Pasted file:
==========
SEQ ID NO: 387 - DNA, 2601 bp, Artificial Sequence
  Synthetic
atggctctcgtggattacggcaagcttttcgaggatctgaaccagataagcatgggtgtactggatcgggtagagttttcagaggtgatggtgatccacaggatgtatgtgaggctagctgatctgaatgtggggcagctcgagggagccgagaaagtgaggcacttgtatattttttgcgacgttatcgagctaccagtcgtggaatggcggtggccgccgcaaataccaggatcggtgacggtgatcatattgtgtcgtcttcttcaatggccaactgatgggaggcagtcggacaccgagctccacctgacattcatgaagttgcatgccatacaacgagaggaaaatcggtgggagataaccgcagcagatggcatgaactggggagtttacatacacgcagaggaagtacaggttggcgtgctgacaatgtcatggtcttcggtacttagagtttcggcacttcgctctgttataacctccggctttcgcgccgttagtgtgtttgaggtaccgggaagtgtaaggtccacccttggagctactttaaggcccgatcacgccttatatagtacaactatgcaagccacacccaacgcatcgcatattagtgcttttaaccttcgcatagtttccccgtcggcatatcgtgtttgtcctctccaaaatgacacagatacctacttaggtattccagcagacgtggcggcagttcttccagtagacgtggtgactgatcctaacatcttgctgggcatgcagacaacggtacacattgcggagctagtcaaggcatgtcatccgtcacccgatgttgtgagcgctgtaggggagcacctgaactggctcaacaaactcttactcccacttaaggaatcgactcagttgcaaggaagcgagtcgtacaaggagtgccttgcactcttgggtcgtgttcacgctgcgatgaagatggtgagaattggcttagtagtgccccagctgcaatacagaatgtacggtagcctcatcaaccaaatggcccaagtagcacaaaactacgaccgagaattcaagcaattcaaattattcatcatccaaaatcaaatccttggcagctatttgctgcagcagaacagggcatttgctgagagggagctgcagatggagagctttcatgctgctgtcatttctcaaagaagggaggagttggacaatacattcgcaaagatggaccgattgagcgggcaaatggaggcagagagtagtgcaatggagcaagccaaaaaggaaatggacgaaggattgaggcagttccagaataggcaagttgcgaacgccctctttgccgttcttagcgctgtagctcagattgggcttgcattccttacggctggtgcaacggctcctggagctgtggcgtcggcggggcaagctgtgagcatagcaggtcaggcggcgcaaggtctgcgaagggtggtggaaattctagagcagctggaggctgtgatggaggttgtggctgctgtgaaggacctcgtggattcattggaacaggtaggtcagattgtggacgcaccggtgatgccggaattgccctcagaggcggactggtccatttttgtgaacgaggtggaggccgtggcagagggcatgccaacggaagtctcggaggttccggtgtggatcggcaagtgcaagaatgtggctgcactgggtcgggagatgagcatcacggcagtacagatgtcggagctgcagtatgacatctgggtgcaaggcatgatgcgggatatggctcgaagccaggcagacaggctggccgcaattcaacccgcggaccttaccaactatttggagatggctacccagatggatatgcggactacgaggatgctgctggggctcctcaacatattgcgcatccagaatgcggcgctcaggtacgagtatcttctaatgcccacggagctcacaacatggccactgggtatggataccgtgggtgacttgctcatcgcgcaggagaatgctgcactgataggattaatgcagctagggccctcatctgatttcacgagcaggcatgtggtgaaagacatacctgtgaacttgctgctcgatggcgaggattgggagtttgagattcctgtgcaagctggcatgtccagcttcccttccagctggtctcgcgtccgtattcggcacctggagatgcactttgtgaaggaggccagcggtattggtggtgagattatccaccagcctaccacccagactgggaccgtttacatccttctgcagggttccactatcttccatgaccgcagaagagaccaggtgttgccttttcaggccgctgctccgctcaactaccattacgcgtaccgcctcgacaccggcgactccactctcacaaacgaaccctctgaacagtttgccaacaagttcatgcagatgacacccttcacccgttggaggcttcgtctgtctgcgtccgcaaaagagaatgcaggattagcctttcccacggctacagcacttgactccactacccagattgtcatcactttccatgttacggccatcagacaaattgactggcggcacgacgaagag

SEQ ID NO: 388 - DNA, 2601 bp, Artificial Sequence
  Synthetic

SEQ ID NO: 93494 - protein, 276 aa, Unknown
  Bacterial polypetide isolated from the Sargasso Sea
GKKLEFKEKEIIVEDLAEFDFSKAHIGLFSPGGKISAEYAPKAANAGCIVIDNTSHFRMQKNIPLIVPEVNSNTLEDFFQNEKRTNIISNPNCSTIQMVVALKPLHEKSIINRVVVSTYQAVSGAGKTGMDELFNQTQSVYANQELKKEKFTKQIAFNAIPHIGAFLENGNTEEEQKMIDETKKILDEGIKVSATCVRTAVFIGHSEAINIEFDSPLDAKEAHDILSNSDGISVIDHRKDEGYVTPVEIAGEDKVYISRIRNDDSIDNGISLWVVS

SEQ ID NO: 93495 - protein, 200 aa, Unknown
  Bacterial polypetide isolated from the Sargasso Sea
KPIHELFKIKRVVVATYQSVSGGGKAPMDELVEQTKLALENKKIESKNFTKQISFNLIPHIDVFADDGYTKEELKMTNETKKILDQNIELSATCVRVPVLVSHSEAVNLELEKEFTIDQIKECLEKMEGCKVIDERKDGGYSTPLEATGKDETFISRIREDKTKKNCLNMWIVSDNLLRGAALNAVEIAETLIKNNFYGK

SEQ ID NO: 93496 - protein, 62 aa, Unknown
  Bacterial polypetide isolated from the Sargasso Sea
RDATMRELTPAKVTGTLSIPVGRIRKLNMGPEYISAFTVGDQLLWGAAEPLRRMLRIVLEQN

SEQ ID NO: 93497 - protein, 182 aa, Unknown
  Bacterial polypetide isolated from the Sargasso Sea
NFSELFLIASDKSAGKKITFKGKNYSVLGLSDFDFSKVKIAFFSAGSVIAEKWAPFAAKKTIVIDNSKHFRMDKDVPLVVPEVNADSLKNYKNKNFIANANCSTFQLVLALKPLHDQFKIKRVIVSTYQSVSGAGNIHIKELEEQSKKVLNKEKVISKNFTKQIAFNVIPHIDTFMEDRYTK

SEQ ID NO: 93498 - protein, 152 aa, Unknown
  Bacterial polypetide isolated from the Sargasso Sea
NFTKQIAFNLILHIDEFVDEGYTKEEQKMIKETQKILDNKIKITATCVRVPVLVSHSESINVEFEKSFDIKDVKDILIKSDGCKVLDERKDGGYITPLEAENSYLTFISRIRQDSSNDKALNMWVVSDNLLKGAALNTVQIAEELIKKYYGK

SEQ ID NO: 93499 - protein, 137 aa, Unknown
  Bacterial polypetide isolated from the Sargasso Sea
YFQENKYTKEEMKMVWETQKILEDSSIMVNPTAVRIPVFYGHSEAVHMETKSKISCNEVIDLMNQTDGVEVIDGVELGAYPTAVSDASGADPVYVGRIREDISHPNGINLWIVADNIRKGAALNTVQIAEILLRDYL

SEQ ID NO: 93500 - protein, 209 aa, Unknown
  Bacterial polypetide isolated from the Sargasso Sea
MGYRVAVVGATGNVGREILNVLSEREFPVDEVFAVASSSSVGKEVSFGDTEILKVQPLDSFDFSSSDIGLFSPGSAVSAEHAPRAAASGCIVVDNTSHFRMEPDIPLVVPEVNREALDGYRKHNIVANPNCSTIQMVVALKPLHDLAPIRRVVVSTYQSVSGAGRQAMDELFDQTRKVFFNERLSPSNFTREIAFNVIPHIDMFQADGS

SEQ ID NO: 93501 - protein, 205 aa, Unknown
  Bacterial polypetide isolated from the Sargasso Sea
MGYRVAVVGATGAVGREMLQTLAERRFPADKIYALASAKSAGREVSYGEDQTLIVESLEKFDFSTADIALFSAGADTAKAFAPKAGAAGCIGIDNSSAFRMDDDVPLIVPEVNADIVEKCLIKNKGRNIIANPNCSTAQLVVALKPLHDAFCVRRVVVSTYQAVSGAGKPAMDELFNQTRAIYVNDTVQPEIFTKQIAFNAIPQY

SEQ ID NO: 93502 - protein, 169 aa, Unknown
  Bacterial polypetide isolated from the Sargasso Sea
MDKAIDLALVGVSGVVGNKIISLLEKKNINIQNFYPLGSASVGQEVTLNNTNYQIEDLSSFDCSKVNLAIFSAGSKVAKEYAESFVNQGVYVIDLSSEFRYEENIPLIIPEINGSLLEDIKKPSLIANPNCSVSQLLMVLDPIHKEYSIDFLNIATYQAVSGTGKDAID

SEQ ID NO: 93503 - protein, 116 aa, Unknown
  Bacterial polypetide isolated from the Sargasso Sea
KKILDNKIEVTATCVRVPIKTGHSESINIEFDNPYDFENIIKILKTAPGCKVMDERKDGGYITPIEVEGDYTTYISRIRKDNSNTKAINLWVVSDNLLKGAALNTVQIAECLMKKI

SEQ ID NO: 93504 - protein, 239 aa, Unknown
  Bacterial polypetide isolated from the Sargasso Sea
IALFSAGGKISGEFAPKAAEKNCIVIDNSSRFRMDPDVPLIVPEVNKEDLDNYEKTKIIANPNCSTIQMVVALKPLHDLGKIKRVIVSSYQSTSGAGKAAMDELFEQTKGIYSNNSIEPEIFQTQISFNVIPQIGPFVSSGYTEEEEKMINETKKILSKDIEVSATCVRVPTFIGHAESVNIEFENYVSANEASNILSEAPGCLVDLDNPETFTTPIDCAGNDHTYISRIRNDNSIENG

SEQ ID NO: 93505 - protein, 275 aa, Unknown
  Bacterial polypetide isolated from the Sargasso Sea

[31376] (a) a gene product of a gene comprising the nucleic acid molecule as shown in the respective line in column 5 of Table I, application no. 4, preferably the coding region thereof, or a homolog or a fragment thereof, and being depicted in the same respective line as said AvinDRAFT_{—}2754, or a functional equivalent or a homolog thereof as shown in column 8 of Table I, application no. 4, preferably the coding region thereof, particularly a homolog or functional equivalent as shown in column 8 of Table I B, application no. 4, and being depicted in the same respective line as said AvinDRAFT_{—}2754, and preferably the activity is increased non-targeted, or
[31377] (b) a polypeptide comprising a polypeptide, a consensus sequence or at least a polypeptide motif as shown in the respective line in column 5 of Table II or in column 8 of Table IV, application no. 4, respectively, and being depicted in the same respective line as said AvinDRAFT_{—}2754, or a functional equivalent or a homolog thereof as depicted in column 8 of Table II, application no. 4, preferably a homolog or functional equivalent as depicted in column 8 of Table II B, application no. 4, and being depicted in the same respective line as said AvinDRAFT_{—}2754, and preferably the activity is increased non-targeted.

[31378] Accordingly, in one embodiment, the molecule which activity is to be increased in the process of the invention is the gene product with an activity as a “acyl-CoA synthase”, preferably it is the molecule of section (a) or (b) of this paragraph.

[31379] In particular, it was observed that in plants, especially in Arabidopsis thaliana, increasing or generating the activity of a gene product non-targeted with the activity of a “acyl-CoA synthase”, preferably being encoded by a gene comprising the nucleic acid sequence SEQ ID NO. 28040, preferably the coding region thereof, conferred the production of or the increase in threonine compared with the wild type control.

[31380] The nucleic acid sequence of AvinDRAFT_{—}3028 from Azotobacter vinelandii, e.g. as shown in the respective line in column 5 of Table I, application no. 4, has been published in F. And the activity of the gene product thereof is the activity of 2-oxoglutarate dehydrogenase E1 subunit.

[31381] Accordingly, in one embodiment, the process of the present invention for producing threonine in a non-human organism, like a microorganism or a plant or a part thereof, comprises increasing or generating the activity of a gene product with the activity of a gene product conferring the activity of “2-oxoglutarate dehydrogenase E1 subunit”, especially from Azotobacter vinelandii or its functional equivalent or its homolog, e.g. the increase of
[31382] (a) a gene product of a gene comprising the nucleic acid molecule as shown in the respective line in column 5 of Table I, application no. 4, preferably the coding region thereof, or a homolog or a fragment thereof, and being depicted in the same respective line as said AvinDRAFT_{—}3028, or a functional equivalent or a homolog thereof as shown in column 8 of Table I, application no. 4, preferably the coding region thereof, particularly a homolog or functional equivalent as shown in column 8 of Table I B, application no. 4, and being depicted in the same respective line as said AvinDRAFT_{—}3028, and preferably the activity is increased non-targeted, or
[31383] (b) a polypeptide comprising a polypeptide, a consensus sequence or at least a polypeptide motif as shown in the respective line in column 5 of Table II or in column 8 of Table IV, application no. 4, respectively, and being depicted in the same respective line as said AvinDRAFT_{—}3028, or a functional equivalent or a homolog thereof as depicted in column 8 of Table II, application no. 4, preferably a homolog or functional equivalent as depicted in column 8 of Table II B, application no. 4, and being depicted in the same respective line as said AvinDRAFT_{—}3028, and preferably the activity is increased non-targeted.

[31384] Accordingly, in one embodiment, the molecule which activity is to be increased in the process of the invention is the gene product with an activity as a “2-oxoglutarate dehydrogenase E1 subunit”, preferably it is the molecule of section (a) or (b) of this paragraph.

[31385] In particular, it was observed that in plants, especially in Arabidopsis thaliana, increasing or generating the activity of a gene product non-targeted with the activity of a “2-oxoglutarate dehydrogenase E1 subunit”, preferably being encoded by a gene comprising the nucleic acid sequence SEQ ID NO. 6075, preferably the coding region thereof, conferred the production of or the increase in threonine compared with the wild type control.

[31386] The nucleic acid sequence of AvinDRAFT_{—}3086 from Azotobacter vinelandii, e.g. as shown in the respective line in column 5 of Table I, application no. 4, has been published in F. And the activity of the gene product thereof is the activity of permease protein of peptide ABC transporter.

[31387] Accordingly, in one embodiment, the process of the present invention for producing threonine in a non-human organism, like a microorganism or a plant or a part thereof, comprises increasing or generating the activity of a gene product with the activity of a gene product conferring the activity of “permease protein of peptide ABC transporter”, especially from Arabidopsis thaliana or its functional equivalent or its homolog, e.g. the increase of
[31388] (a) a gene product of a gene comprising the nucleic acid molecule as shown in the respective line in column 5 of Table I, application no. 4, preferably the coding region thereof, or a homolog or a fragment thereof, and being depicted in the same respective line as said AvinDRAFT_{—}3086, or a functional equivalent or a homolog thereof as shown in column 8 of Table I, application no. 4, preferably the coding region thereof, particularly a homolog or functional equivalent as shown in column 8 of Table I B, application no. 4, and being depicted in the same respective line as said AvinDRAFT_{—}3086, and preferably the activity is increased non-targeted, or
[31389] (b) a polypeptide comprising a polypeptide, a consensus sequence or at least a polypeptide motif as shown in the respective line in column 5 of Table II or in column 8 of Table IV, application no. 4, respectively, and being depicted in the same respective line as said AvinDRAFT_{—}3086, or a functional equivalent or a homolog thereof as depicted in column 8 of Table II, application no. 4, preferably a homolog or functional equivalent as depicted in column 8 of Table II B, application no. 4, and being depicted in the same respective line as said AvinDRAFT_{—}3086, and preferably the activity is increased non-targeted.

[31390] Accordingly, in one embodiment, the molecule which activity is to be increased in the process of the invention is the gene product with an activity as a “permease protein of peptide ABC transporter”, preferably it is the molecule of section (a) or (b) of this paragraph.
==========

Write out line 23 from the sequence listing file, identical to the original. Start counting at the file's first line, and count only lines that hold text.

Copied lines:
YFQENKYTKEEMKMVWETQKILEDSSIMVNPTAVRIPVFYGHSEAVHMETKSKISCNEVIDLMNQTDGVEVIDGVELGAYPTAVSDASGADPVYVGRIREDISHPNGINLWIVADNIRKGAALNTVQIAEILLRDYL